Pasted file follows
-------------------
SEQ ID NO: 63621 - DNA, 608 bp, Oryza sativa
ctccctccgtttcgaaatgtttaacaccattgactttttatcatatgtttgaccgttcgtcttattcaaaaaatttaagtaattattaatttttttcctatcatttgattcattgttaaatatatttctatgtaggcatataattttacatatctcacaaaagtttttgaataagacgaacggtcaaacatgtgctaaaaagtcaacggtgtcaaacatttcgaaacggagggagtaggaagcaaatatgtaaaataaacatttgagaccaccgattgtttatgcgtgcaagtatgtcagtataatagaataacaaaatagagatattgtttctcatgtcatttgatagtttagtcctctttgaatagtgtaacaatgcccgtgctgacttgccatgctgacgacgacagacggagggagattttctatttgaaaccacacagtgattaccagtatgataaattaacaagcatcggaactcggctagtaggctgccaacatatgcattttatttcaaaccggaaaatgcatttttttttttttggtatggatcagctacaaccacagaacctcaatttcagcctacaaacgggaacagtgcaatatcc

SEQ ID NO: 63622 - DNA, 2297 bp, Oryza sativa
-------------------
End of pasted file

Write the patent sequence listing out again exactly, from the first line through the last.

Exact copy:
SEQ ID NO: 63621 - DNA, 608 bp, Oryza sativa
ctccctccgtttcgaaatgtttaacaccattgactttttatcatatgtttgaccgttcgtcttattcaaaaaatttaagtaattattaatttttttcctatcatttgattcattgttaaatatatttctatgtaggcatataattttacatatctcacaaaagtttttgaataagacgaacggtcaaacatgtgctaaaaagtcaacggtgtcaaacatttcgaaacggagggagtaggaagcaaatatgtaaaataaacatttgagaccaccgattgtttatgcgtgcaagtatgtcagtataatagaataacaaaatagagatattgtttctcatgtcatttgatagtttagtcctctttgaatagtgtaacaatgcccgtgctgacttgccatgctgacgacgacagacggagggagattttctatttgaaaccacacagtgattaccagtatgataaattaacaagcatcggaactcggctagtaggctgccaacatatgcattttatttcaaaccggaaaatgcatttttttttttttggtatggatcagctacaaccacagaacctcaatttcagcctacaaacgggaacagtgcaatatcc

SEQ ID NO: 63622 - DNA, 2297 bp, Oryza sativa